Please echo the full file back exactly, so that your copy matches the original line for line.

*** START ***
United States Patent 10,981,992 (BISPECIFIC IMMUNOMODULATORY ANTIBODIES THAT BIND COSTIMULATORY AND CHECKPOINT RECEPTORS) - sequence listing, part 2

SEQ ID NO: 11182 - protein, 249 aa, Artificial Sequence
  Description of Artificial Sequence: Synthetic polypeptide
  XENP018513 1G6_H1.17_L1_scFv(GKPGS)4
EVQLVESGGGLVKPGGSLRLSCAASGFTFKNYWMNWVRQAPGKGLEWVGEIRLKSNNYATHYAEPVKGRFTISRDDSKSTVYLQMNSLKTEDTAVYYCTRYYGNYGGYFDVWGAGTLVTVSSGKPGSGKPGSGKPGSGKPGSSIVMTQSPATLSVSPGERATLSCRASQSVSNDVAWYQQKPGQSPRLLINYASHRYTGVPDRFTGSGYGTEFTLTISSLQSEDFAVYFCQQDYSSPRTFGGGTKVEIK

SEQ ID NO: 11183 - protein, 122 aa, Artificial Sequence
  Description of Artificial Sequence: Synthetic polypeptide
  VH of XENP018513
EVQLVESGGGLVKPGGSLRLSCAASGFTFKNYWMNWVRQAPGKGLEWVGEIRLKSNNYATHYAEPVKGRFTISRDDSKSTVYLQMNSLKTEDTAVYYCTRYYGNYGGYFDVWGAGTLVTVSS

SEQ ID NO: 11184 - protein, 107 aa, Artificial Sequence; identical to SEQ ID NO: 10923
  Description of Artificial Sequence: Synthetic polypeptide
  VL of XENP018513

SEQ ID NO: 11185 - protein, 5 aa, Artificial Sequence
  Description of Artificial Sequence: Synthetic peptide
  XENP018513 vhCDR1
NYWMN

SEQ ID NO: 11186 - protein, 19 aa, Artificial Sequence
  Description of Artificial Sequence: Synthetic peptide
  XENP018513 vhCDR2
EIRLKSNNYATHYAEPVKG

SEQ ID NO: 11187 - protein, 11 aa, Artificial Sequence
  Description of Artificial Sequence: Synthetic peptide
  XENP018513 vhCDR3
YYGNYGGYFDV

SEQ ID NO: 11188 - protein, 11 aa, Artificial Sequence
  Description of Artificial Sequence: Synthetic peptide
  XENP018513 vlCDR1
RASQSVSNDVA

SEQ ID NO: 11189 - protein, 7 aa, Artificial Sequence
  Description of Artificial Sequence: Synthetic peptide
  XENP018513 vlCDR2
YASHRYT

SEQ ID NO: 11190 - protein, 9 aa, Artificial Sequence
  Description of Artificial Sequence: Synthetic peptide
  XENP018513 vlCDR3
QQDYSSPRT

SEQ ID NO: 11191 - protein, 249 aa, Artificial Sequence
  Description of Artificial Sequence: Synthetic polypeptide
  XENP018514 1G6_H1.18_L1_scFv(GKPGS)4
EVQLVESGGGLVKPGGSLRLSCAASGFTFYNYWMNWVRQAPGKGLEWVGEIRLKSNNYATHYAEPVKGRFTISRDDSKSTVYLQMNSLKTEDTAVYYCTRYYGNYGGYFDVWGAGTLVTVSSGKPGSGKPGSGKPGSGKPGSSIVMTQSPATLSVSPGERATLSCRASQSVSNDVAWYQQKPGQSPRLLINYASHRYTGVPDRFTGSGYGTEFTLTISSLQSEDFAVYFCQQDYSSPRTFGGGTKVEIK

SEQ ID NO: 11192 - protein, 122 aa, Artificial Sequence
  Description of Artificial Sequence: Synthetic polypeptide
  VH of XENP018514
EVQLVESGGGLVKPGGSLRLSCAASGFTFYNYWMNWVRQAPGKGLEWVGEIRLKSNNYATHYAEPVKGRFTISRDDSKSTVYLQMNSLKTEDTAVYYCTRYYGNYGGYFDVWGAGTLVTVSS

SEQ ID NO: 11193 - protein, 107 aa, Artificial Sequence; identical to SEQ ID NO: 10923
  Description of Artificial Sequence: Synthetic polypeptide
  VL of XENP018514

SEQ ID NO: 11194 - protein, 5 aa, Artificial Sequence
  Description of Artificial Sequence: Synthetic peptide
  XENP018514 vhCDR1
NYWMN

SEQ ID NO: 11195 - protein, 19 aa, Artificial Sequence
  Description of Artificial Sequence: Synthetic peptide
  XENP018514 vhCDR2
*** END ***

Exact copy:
United States Patent 10,981,992 (BISPECIFIC IMMUNOMODULATORY ANTIBODIES THAT BIND COSTIMULATORY AND CHECKPOINT RECEPTORS) - sequence listing, part 2

SEQ ID NO: 11182 - protein, 249 aa, Artificial Sequence
  Description of Artificial Sequence: Synthetic polypeptide
  XENP018513 1G6_H1.17_L1_scFv(GKPGS)4
EVQLVESGGGLVKPGGSLRLSCAASGFTFKNYWMNWVRQAPGKGLEWVGEIRLKSNNYATHYAEPVKGRFTISRDDSKSTVYLQMNSLKTEDTAVYYCTRYYGNYGGYFDVWGAGTLVTVSSGKPGSGKPGSGKPGSGKPGSSIVMTQSPATLSVSPGERATLSCRASQSVSNDVAWYQQKPGQSPRLLINYASHRYTGVPDRFTGSGYGTEFTLTISSLQSEDFAVYFCQQDYSSPRTFGGGTKVEIK

SEQ ID NO: 11183 - protein, 122 aa, Artificial Sequence
  Description of Artificial Sequence: Synthetic polypeptide
  VH of XENP018513
EVQLVESGGGLVKPGGSLRLSCAASGFTFKNYWMNWVRQAPGKGLEWVGEIRLKSNNYATHYAEPVKGRFTISRDDSKSTVYLQMNSLKTEDTAVYYCTRYYGNYGGYFDVWGAGTLVTVSS

SEQ ID NO: 11184 - protein, 107 aa, Artificial Sequence; identical to SEQ ID NO: 10923
  Description of Artificial Sequence: Synthetic polypeptide
  VL of XENP018513

SEQ ID NO: 11185 - protein, 5 aa, Artificial Sequence
  Description of Artificial Sequence: Synthetic peptide
  XENP018513 vhCDR1
NYWMN

SEQ ID NO: 11186 - protein, 19 aa, Artificial Sequence
  Description of Artificial Sequence: Synthetic peptide
  XENP018513 vhCDR2
EIRLKSNNYATHYAEPVKG

SEQ ID NO: 11187 - protein, 11 aa, Artificial Sequence
  Description of Artificial Sequence: Synthetic peptide
  XENP018513 vhCDR3
YYGNYGGYFDV

SEQ ID NO: 11188 - protein, 11 aa, Artificial Sequence
  Description of Artificial Sequence: Synthetic peptide
  XENP018513 vlCDR1
RASQSVSNDVA

SEQ ID NO: 11189 - protein, 7 aa, Artificial Sequence
  Description of Artificial Sequence: Synthetic peptide
  XENP018513 vlCDR2
YASHRYT

SEQ ID NO: 11190 - protein, 9 aa, Artificial Sequence
  Description of Artificial Sequence: Synthetic peptide
  XENP018513 vlCDR3
QQDYSSPRT

SEQ ID NO: 11191 - protein, 249 aa, Artificial Sequence
  Description of Artificial Sequence: Synthetic polypeptide
  XENP018514 1G6_H1.18_L1_scFv(GKPGS)4
EVQLVESGGGLVKPGGSLRLSCAASGFTFYNYWMNWVRQAPGKGLEWVGEIRLKSNNYATHYAEPVKGRFTISRDDSKSTVYLQMNSLKTEDTAVYYCTRYYGNYGGYFDVWGAGTLVTVSSGKPGSGKPGSGKPGSGKPGSSIVMTQSPATLSVSPGERATLSCRASQSVSNDVAWYQQKPGQSPRLLINYASHRYTGVPDRFTGSGYGTEFTLTISSLQSEDFAVYFCQQDYSSPRTFGGGTKVEIK

SEQ ID NO: 11192 - protein, 122 aa, Artificial Sequence
  Description of Artificial Sequence: Synthetic polypeptide
  VH of XENP018514
EVQLVESGGGLVKPGGSLRLSCAASGFTFYNYWMNWVRQAPGKGLEWVGEIRLKSNNYATHYAEPVKGRFTISRDDSKSTVYLQMNSLKTEDTAVYYCTRYYGNYGGYFDVWGAGTLVTVSS

SEQ ID NO: 11193 - protein, 107 aa, Artificial Sequence; identical to SEQ ID NO: 10923
  Description of Artificial Sequence: Synthetic polypeptide
  VL of XENP018514

SEQ ID NO: 11194 - protein, 5 aa, Artificial Sequence
  Description of Artificial Sequence: Synthetic peptide
  XENP018514 vhCDR1
NYWMN

SEQ ID NO: 11195 - protein, 19 aa, Artificial Sequence
  Description of Artificial Sequence: Synthetic peptide
  XENP018514 vhCDR2